Opening up the club house at 7:30 as normal, I had the chance to greet the numerous early walkers we get on the circuit, usually with the same topic of conversation – “Good morning. Yes, pretty miserable again today!”. But this time it’s said with a smile on my face.
The Volunteers started laying out the course – bags of stakes transported around by “Evie” – after we got her out of the muddy hole she managed to get stuck in. Mark Devlin had been around the night before, marking the course with spray paint so we could get on and lay it out to design. 4km of tape was used to mark out the circuit – to which the branding was attached at the start/finish. Our Young Volunteers worked as a team to construct and install the various feather banners – no instructions – just an array of parts that need to be fitted together by wet hands in strong breezes. No easy task!
The warm-ups started. A chance to churn up the grass and start to mark out the muddy trail that would be followed once competition started. The resilience of young riders always amazes me – always willing to get another lap in, and still be eager to go ready to start. All racing went well. A slight incident at the start of the under 10’s (remember – get moving THEN clip in!) took down a couple of riders, but otherwise nothing to report of concern. Some real eye openers on performance – some usual road riders take well to MTB whilst some find it a slog – and the surprises are what make multiple events in the Club Champs so rewarding.
The team of judges – Ella, Ellen, Callum, Ciaran and Andy did an excellent job of recording results – on very, very soggy pieces of paper. Standing still in wet windy conditions for hours is not the most alluring activity, but necessary to the success of the events!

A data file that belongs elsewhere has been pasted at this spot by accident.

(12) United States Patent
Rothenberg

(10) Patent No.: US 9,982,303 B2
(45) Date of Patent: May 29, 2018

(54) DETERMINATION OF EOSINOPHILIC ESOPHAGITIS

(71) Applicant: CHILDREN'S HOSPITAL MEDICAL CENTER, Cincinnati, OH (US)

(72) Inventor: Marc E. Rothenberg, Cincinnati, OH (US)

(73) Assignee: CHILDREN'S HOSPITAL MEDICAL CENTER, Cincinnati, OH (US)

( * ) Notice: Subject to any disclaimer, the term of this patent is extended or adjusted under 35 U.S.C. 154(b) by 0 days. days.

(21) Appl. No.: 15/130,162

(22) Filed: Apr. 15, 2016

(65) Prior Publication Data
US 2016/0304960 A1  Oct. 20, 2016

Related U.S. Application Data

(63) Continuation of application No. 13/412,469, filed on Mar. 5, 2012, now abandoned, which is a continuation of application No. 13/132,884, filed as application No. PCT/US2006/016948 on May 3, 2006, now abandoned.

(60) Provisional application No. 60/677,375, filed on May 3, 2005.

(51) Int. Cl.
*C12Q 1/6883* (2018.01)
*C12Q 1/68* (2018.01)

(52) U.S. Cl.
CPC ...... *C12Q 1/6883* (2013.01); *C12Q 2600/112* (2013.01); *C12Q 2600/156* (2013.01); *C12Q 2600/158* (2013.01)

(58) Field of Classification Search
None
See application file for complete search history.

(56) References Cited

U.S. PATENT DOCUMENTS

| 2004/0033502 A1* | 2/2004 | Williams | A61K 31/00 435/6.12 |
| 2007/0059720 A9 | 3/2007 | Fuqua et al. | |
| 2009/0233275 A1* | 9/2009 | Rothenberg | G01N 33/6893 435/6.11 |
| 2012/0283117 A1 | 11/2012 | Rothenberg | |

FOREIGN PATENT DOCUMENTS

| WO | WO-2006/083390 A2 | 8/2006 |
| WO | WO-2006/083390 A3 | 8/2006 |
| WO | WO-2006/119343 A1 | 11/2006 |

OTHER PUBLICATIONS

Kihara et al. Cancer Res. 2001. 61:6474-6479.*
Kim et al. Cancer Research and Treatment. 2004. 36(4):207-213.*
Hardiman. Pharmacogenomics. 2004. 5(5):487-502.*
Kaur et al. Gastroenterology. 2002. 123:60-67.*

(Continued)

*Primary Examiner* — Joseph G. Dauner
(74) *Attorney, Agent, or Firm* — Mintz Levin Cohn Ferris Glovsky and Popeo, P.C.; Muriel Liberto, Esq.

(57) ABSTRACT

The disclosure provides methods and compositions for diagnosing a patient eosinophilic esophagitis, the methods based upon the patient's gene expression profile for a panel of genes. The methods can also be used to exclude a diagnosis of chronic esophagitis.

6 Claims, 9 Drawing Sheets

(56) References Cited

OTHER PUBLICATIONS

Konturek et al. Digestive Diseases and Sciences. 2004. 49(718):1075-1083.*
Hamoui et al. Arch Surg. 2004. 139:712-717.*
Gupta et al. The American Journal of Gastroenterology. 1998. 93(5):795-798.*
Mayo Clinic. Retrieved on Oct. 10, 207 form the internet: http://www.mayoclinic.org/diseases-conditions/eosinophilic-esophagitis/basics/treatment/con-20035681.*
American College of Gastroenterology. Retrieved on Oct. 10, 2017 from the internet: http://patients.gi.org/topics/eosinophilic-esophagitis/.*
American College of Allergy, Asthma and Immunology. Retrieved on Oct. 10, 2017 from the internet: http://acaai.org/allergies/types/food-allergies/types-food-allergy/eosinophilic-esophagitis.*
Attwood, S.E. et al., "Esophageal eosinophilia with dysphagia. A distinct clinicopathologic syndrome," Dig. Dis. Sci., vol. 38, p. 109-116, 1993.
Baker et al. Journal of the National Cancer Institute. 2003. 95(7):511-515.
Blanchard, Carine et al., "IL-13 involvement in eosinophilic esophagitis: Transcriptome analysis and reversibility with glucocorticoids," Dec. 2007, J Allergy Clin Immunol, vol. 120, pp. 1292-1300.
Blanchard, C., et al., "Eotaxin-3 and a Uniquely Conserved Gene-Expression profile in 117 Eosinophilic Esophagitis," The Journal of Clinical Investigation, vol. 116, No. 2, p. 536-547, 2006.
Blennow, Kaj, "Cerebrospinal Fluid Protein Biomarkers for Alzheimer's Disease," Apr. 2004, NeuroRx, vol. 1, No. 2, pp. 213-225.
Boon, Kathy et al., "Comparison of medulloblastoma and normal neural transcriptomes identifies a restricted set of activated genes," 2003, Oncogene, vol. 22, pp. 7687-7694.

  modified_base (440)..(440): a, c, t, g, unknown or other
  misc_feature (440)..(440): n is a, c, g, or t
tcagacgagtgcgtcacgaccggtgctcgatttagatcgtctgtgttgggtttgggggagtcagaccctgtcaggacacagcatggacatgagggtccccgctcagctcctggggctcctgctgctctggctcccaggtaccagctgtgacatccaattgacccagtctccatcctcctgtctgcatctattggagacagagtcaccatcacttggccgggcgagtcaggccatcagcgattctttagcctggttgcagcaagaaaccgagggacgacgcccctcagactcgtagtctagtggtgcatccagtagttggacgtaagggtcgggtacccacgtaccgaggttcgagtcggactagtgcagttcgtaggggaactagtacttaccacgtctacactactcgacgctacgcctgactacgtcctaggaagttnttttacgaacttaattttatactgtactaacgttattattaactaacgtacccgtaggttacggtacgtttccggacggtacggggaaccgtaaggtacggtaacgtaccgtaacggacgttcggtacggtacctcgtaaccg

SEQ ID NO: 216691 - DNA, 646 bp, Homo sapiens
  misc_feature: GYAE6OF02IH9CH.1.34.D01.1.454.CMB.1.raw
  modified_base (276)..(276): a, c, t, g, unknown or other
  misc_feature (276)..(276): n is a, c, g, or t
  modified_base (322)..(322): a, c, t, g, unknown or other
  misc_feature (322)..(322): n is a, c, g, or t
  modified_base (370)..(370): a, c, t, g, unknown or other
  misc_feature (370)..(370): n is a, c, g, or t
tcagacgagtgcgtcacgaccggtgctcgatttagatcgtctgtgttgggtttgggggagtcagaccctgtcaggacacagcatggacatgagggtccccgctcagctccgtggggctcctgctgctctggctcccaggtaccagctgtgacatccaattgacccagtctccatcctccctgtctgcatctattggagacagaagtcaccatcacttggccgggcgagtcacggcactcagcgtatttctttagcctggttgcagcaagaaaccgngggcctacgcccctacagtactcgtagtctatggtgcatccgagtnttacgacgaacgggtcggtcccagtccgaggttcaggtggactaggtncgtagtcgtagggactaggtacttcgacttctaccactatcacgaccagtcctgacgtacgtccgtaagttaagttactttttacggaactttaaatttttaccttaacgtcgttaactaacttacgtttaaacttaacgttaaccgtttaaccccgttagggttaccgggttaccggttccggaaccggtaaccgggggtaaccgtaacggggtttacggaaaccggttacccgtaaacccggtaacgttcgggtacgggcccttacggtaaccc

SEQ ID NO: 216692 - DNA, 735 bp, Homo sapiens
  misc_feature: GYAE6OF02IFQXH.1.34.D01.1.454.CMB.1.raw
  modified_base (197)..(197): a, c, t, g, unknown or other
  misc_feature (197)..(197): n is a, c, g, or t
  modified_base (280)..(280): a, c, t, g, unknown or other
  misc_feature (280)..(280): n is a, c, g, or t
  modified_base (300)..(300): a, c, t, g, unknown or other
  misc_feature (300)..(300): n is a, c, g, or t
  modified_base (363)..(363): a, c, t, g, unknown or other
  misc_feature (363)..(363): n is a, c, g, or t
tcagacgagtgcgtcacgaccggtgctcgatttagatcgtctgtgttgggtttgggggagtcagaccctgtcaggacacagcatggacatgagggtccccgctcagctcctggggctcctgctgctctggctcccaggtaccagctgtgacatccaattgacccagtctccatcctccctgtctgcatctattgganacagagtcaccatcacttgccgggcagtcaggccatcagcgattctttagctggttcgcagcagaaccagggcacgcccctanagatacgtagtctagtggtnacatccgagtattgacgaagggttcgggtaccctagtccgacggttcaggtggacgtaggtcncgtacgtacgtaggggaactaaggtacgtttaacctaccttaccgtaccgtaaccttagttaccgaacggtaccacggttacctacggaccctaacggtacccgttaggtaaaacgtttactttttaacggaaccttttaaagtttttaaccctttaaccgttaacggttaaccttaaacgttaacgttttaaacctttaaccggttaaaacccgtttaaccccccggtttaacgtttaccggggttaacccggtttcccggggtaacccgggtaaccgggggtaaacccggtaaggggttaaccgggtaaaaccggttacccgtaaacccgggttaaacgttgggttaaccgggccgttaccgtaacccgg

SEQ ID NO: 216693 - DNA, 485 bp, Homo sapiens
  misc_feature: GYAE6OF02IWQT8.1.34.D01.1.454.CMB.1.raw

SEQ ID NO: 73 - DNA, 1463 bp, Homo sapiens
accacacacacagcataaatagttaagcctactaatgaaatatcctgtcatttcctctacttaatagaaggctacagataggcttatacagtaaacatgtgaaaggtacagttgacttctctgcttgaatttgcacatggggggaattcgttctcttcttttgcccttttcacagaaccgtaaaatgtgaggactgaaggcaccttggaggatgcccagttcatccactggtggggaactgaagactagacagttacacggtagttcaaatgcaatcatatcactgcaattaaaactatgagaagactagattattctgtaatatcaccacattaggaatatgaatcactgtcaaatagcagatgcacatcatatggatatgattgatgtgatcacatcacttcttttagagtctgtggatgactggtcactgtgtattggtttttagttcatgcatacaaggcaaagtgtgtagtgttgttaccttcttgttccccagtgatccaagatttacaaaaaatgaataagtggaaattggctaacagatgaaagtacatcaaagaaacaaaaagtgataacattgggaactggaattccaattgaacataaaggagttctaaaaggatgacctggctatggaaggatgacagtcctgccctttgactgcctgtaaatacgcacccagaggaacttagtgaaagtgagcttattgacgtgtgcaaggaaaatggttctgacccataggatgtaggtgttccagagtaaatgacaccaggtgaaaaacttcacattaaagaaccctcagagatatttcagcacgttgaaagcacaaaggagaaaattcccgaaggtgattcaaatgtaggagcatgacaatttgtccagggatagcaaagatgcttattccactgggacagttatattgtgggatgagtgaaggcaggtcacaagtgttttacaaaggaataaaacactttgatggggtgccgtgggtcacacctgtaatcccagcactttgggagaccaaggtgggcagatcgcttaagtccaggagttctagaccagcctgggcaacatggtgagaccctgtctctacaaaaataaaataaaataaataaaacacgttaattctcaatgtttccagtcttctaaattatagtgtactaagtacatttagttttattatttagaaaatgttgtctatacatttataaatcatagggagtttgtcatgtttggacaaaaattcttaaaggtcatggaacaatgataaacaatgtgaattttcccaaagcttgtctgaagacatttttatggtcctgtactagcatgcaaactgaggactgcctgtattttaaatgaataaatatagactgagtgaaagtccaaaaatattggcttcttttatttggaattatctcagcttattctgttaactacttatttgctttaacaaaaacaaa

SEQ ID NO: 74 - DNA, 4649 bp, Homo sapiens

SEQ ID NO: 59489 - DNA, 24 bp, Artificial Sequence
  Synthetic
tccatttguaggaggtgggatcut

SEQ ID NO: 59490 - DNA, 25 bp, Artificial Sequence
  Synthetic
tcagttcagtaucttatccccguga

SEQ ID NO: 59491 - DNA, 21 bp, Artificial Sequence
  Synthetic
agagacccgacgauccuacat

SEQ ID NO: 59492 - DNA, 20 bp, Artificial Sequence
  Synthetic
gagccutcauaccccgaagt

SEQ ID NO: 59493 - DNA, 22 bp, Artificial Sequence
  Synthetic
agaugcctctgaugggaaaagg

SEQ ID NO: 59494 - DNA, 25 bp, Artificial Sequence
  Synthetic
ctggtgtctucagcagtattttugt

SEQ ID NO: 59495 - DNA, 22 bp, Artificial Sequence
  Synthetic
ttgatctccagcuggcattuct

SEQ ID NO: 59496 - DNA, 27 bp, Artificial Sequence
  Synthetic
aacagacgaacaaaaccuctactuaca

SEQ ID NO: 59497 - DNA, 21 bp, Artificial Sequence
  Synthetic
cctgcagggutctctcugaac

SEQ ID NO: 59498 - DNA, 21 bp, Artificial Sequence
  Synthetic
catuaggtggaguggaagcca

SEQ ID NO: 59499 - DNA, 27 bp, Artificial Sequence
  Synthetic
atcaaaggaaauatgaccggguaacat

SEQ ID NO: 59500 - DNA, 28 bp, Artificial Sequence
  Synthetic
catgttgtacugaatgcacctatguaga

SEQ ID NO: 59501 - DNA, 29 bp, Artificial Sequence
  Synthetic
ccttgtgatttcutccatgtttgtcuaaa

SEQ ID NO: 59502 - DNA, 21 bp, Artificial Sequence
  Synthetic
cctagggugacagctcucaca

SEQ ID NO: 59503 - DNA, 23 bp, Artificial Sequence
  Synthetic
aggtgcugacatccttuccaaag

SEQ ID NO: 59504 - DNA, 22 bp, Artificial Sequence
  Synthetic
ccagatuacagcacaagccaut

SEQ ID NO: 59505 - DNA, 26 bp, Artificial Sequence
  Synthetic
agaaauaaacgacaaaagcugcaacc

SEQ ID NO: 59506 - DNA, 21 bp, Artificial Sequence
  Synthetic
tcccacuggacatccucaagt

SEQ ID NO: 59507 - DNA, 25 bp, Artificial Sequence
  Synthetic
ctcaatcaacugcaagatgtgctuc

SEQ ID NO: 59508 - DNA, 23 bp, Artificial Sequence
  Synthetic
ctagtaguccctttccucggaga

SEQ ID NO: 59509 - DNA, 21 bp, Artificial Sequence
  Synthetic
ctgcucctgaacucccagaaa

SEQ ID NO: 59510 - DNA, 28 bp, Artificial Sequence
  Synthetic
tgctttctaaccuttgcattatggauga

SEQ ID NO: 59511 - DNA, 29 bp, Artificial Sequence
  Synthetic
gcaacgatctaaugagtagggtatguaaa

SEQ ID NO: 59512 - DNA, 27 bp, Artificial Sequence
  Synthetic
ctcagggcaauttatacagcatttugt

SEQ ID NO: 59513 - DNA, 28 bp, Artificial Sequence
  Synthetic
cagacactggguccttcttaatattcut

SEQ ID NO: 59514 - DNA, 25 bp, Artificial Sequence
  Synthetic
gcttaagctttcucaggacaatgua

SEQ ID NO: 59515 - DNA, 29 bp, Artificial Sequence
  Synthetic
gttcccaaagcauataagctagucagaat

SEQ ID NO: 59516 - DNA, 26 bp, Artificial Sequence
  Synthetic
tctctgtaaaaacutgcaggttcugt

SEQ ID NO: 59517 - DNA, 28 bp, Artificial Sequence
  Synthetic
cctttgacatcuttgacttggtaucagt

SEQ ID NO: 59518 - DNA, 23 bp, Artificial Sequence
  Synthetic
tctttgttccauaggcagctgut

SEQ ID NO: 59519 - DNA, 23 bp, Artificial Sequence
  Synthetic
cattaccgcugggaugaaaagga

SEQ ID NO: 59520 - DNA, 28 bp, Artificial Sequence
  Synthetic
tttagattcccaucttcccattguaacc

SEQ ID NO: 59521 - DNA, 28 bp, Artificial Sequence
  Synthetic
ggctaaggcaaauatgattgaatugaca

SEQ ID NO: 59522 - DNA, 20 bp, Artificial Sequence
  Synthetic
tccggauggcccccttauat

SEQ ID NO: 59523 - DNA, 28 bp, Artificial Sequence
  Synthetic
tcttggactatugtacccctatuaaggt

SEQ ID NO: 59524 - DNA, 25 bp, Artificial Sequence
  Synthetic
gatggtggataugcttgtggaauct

The Go-Ride races went well in the afternoon, with 25 riders taking part, and many for the first time. This was a great opportunity to showcase what we have to offer at Slipstreamers, and a chance to show visitors our versatile facility and depth of Volunteer commitment. Some very nice feedback from visiting parents resonates throughout the club when received.
On a downer – the clubhouse was left in poor order. We accept that MTB and MUD go together, but we must ask that best efforts are put in place to keep the facility as clean as possible. A few pointers:
- If you make a mess – tell someone. They won’t shout, but will help you clean it up – it’s your mess after all!
- Please don’t mark the walls with dirty hands. They are very hard to clean and makes the clubhouse look shabby.
- Keep ALL the toilets and changing rooms clean. We have mops and brushes that are available for ANYONE to use. You don’t have to be qualified to use a mop!
- Finally – be prepared. Take muddy shoes of at the door. A bin liner makes an ideal personal changing area – just stand on it when you get changed, and leave your muddy kit inside it. That way you keep floors clean and can put the dirty kit in your bag keeping that clean too!
Final results will be out soon – watch this space for updates…!”
As well a few words from Young Volunteers Seth, Ellen and Ciaran…
By Seth Kanaris, U14 Young Volunteer
“On Saturday 14th November, I spent the day at Hillingdon helping out with the annual MTB Club Champs, as well as the Go-Ride event sharing the same courses during the afternoon.
I got up at 6am in the morning, and by 7.45 am, me and my family were at the clubhouse, ready to go. The first thing I did was help set up the course. This included putting stakes to mark out the course, clearing out litter, and helping with odd tasks to get the course ready. Once I had done that, I went inside to help with admin and sign-on. There was a lot to do, and that included making sure all the smaller children got to go for a warm up around the circuit, but in the end it was all sorted.
I then put on my riding gear and headed round the back of the clubhouse to help a bit more with setting up the course; but this time I was helping Brent. I was initially going to ride round the course with Mark (Passey) to ensure all was ok, but we were then approached by Grace, who wasn’t sure where she was going – this prompted us to take her round the course to show her what was where, how best to ride it, etc. Mark had to go off and do something else, so it was just me. After showing Grace a practice lap and following her during her actual race, I was finally finished!